As mobile web continues to grow, web design feels the pressure to keep up, but the “new” approach to web development is a return of an older idea. At RSR, we’ve compiled some best practices for developing sites that will be accessed from a myriad of devices. Let’s start with how the web has evolved since I uploaded my first website in 1996.
In 1996, I uploaded my first website to an early web host called Geocities. The site had a black background, green text, and a flaming skull GIF on the homepage. It looked great after all the hours of work building and testing it on my computer. When I looked at it on my friend’s screen however, the site was squashed into the left half of his large monitor. Realizing that it wouldn’t display seamlessly on every screen was heartbreaking.
I went back to my books, eager to find a solution. I learned that to get a site to fit and fill a screen, two different sizing approaches existed: “fixed” or “relative.” A fixed-width site set to “500px wide” will fill half of a 1000-pixels wide screen, and only a quarter of a 2000-pixels wide screen. Alternatively, setting a site’s width to “100%,” a relative measurement that changes with each screen size, will expand to fill all the space available on any given screen.
I changed the width of my site to “100%.” The site then properly displayed both on my small screen and on my friend’s. Setting a site to respond “relatively” is a practice that still holds true today. When you pull up simple fluid-width websites designed in the 1990s on a modern iPhone, they will often appear correctly, even though a device this small did not exist back when these sites were emerging.
The first website ever created, at CERN in 1991; is still visible and renders correctly on an iPhone.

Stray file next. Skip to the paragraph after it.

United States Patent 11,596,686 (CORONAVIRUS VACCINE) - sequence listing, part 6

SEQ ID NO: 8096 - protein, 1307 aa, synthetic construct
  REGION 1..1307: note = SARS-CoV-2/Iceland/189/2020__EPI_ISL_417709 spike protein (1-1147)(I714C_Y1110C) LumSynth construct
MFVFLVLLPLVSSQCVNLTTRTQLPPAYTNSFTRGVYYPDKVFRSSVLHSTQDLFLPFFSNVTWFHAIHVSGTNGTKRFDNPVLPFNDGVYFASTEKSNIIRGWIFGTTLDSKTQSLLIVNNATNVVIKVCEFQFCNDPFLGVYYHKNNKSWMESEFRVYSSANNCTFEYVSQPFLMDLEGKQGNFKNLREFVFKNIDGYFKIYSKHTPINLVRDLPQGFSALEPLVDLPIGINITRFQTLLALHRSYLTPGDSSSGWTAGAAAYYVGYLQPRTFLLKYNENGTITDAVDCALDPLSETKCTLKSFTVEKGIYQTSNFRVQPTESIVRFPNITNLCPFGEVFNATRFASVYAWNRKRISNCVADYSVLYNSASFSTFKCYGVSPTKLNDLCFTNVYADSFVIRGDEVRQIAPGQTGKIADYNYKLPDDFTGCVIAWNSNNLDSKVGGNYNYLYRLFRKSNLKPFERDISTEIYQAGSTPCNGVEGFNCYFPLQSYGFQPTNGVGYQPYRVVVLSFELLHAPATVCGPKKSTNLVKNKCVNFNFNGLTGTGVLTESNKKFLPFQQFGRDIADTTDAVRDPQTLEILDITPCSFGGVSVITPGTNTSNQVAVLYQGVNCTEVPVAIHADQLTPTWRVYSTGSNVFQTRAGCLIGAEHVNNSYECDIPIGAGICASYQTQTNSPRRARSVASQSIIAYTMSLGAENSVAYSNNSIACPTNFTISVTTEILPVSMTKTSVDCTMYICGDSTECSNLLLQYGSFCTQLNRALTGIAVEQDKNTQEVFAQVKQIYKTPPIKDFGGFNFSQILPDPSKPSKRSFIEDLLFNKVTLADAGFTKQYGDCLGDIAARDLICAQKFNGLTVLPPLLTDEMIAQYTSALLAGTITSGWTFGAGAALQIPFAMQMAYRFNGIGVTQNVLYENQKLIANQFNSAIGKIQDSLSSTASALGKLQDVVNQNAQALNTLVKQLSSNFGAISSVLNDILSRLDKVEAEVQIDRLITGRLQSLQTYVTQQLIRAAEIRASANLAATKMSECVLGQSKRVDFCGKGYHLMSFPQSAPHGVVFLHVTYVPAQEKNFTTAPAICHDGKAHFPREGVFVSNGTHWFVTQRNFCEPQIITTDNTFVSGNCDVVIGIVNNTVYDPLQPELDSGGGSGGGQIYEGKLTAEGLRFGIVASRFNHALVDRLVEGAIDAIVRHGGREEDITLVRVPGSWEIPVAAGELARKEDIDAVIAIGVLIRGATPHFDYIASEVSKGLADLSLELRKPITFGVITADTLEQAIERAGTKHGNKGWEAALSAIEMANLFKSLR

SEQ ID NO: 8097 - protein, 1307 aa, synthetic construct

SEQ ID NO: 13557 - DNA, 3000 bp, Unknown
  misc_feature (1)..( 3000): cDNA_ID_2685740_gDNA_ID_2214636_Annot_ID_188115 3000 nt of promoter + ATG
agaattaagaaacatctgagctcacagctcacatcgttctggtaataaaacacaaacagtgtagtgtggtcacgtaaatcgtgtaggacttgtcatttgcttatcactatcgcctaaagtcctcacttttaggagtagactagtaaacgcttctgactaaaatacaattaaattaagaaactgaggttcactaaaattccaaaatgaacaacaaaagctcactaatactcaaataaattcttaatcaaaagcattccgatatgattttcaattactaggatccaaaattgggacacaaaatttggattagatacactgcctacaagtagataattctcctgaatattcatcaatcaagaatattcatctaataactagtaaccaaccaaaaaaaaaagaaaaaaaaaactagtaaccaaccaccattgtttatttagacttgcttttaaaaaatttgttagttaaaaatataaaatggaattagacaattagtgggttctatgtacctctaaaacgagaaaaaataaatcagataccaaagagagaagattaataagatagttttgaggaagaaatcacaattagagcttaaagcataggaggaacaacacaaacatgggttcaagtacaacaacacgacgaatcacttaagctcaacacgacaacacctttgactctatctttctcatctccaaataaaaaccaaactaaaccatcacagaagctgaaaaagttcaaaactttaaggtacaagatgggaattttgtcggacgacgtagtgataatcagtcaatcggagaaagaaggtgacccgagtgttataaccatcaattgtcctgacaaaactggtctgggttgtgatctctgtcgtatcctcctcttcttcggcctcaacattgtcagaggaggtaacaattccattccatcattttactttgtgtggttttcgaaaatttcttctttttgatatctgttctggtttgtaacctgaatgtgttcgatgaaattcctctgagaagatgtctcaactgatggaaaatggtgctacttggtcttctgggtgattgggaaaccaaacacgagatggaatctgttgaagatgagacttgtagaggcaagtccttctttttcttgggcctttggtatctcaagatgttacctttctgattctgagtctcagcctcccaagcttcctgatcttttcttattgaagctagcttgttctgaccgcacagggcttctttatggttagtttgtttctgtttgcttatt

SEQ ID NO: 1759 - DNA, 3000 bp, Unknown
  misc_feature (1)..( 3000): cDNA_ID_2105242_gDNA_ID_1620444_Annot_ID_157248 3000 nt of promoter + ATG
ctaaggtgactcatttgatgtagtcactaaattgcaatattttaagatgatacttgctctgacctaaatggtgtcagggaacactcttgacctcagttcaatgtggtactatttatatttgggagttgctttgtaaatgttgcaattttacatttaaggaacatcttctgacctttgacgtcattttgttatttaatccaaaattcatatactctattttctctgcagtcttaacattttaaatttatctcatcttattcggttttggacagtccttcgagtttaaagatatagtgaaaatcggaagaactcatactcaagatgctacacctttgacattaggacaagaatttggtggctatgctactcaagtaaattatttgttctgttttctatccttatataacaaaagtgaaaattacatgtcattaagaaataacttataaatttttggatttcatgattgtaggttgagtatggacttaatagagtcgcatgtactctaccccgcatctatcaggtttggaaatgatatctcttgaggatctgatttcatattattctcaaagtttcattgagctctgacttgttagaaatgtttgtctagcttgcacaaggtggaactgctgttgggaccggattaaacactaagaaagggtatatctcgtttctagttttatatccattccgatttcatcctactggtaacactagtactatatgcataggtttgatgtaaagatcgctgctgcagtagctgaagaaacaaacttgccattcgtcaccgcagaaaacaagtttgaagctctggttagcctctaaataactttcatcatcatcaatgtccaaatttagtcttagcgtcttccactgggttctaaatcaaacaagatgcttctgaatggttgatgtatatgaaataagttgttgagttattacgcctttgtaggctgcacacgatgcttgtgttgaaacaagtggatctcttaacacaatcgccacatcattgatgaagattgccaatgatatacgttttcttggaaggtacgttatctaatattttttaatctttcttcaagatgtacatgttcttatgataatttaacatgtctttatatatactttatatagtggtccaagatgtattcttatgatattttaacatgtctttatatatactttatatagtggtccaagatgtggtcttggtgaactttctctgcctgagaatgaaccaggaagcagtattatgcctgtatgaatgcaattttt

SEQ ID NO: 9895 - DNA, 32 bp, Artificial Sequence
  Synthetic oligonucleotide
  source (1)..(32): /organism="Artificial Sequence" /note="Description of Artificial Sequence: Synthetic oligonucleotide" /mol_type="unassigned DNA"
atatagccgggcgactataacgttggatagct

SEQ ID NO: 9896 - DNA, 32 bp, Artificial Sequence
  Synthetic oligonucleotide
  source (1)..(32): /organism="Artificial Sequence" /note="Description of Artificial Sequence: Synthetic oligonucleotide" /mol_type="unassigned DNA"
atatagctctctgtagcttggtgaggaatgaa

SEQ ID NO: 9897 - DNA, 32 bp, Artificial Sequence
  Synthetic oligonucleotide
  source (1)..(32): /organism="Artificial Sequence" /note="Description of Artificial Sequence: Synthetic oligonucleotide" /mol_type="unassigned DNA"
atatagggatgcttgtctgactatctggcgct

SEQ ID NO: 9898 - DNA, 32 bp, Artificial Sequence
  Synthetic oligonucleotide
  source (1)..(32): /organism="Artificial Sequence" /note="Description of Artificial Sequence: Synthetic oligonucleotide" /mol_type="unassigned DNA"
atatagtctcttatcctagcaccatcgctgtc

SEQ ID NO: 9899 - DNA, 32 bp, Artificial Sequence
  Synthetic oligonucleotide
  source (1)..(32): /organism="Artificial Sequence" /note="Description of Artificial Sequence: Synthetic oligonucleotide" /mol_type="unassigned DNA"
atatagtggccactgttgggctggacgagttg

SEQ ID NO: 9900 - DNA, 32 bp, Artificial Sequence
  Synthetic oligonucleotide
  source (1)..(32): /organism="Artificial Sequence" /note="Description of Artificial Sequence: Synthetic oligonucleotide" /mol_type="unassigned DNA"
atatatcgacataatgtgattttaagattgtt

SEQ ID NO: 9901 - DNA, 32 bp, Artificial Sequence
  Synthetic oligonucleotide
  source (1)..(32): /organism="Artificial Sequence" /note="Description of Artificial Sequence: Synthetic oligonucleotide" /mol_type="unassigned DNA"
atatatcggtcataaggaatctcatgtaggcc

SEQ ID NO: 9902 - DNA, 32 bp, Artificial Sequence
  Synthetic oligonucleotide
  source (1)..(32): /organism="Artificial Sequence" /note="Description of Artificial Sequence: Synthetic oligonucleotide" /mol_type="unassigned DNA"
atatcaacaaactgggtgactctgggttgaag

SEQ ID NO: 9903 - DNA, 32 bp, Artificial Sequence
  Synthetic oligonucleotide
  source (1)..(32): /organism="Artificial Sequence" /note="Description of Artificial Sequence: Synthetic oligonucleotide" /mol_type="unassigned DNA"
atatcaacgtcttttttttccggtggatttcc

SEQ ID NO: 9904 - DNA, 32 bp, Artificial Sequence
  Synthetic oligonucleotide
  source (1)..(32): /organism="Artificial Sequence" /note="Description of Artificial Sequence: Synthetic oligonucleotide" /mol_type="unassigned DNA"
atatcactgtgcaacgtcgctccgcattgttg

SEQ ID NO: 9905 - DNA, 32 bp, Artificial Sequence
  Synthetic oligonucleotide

The Photoshop Era
As the Internet evolved, the look and feel of websites became more important. Starting in the early 2000s, a new wave of web designers began using Photoshop to draw detailed designs that could be “sliced” into fixed-width HTML web pages. The results were beautiful, but only functional on desktop devices. Despite this limitation, this approach remained sustainable. Sites displayed smoothly on desktop PC screens which most commonly had a resolution of 1024-pixels wide.
It wasn’t until the iPhone was introduced in 2007 that the idea of experiencing the web seamlessly from a mobile device was planted into the minds of consumers. Fixed-width sites designed for a single screen size were no longer viable.
Since then, the mobile web has continued to grow and will soon surpass the number of people using desktop computers. The mobile revolution introduces the need for a new approach to web development. Web design is steadily returning to a fluid-width approach.
Our approach to building responsive sites has been refined over dozens of commercial projects. Through these commercial projects, we have applied and tested the following best practices for developing sites that will be accessed from a plethora of devices:
1. Rapid Prototyping.
2. Abstract What You Can.
Open-source software has created an ecosystem of thousands of creators working on tools to help developers. Many open-source front-end frameworks provide a well-tested starting point for responsive web projects. For mobile development, here are a few we are particularly excited about:
Bootstrap from Twitter – provides an easy to use toolkit for constructing responsive HTML5/CSS3 prototypes.
Compass / Susy – a toolkit for creating responsive grids.
3. Test Early, Test Often.
Use emulators (software simulations of hardware devices) to test across popular mobile platforms during development. We use Apple’s iOS Simulator, the Android emulator from Google and BrowserStack, a hosted tool that simulates hundreds of popular mobile devices.
Once the site looks good in emulators, grab a real device to test it on. Sometimes there are quirks that don’t show up until you have the real device in your hand. Build a device lab of common mobile devices that anyone in the agency can pick up and use to test what they’re working on.